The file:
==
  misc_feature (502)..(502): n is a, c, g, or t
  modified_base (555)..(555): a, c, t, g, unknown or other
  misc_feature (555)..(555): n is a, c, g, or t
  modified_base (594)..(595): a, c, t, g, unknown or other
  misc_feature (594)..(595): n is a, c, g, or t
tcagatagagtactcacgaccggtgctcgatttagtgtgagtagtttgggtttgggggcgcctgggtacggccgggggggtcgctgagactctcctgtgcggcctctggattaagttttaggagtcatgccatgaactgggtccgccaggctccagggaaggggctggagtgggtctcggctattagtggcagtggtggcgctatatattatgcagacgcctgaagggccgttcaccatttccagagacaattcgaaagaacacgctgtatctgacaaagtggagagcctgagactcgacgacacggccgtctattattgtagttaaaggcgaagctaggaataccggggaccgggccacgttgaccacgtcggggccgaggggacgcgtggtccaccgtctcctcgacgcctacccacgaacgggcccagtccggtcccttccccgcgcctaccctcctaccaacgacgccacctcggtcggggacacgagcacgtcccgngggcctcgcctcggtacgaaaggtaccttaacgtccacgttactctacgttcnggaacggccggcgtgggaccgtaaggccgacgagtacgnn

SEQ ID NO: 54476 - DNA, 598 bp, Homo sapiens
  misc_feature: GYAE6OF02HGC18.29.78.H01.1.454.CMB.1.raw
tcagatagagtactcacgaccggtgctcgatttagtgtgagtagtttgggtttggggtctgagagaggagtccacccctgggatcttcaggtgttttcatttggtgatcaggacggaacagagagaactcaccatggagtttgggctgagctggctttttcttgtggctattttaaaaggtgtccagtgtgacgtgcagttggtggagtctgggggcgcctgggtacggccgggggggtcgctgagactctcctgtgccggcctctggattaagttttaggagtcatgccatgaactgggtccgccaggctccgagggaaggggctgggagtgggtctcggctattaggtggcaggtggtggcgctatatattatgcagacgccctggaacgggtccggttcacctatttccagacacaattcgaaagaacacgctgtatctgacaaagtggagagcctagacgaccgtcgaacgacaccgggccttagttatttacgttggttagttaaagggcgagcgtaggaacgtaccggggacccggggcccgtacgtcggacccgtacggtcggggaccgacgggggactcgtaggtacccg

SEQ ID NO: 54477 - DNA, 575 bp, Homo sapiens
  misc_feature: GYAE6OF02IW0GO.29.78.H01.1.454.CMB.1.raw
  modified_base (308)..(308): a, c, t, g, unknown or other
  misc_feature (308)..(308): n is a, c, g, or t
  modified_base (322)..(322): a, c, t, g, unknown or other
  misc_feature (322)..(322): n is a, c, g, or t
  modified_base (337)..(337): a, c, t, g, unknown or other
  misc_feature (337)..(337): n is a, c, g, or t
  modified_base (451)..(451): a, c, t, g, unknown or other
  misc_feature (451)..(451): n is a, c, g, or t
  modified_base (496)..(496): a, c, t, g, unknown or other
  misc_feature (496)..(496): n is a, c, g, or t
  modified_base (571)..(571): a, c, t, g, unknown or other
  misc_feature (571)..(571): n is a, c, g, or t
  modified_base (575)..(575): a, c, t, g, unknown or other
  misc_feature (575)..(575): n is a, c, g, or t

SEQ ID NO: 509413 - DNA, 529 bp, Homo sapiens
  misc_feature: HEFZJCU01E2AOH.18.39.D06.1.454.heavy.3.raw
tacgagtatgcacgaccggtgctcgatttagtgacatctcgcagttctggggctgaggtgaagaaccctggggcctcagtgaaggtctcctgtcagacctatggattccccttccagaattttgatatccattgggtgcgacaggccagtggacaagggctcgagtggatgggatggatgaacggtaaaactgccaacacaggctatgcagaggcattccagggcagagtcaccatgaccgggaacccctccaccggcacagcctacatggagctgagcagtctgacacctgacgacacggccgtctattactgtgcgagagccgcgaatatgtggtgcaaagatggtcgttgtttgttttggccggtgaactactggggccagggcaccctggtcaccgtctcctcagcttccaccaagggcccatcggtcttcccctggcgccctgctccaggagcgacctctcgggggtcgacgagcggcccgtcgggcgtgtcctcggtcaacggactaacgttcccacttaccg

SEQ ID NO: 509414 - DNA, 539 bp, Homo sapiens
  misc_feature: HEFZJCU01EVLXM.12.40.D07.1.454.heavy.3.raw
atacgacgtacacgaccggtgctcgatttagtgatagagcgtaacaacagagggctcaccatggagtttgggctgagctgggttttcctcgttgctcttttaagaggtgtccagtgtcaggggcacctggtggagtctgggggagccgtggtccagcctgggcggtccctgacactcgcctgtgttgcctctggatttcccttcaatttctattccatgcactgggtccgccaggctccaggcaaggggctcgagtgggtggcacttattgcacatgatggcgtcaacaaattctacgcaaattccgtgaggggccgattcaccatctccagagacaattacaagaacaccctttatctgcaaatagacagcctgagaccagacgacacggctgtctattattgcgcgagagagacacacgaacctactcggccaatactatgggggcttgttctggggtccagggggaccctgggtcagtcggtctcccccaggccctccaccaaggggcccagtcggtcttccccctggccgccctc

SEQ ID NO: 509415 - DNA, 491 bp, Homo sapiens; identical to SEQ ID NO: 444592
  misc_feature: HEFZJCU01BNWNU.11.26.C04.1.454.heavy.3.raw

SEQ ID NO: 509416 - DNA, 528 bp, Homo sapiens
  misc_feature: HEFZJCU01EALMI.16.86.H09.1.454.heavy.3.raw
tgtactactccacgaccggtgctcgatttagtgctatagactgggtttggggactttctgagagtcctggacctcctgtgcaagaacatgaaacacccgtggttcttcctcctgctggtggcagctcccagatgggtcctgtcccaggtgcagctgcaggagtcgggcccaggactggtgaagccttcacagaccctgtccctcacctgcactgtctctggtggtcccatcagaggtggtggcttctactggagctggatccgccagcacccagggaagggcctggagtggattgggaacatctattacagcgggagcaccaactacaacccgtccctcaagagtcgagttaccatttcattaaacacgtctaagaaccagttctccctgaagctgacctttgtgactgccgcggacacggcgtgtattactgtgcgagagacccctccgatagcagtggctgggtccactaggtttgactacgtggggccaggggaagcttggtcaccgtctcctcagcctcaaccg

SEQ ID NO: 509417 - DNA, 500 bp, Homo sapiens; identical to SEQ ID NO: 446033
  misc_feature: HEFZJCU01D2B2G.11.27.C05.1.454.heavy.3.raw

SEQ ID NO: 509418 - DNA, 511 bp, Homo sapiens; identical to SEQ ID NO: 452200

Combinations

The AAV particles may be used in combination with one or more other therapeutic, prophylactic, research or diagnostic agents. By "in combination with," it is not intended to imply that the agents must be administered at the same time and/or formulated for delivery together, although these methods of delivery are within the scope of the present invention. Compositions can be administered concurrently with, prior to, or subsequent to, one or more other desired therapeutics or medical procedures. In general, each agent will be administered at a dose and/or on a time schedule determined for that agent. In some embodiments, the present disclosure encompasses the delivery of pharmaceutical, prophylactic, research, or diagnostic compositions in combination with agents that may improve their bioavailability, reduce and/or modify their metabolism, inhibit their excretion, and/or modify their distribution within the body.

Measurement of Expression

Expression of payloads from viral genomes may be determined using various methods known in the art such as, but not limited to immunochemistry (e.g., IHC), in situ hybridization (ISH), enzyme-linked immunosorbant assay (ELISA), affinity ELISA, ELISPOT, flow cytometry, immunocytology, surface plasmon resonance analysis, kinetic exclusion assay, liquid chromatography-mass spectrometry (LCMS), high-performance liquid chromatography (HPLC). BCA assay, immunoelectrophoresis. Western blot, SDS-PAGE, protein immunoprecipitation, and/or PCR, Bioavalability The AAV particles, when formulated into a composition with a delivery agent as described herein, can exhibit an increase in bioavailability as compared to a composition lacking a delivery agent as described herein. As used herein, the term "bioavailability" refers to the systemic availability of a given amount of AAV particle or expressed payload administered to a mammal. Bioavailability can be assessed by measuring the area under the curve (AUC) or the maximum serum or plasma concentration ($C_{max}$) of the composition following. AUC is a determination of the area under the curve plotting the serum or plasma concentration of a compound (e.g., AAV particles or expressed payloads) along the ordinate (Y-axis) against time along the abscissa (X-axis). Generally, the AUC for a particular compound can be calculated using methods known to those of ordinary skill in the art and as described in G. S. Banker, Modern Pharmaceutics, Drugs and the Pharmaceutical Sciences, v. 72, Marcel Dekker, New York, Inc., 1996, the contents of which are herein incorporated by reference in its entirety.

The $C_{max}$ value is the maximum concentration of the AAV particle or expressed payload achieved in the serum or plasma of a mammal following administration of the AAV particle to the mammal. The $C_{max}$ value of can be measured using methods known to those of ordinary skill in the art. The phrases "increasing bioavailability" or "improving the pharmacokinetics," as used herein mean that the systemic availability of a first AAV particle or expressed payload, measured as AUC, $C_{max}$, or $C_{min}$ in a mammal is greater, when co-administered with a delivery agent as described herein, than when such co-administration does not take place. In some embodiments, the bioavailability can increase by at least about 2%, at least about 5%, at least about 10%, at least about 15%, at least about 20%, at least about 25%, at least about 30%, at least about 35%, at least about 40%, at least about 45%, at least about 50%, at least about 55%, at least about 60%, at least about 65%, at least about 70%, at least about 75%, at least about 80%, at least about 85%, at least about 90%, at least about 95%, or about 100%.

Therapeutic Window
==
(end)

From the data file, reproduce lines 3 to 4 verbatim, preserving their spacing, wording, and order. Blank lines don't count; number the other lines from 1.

  misc_feature (555)..(555): n is a, c, g, or t
  modified_base (594)..(595): a, c, t, g, unknown or other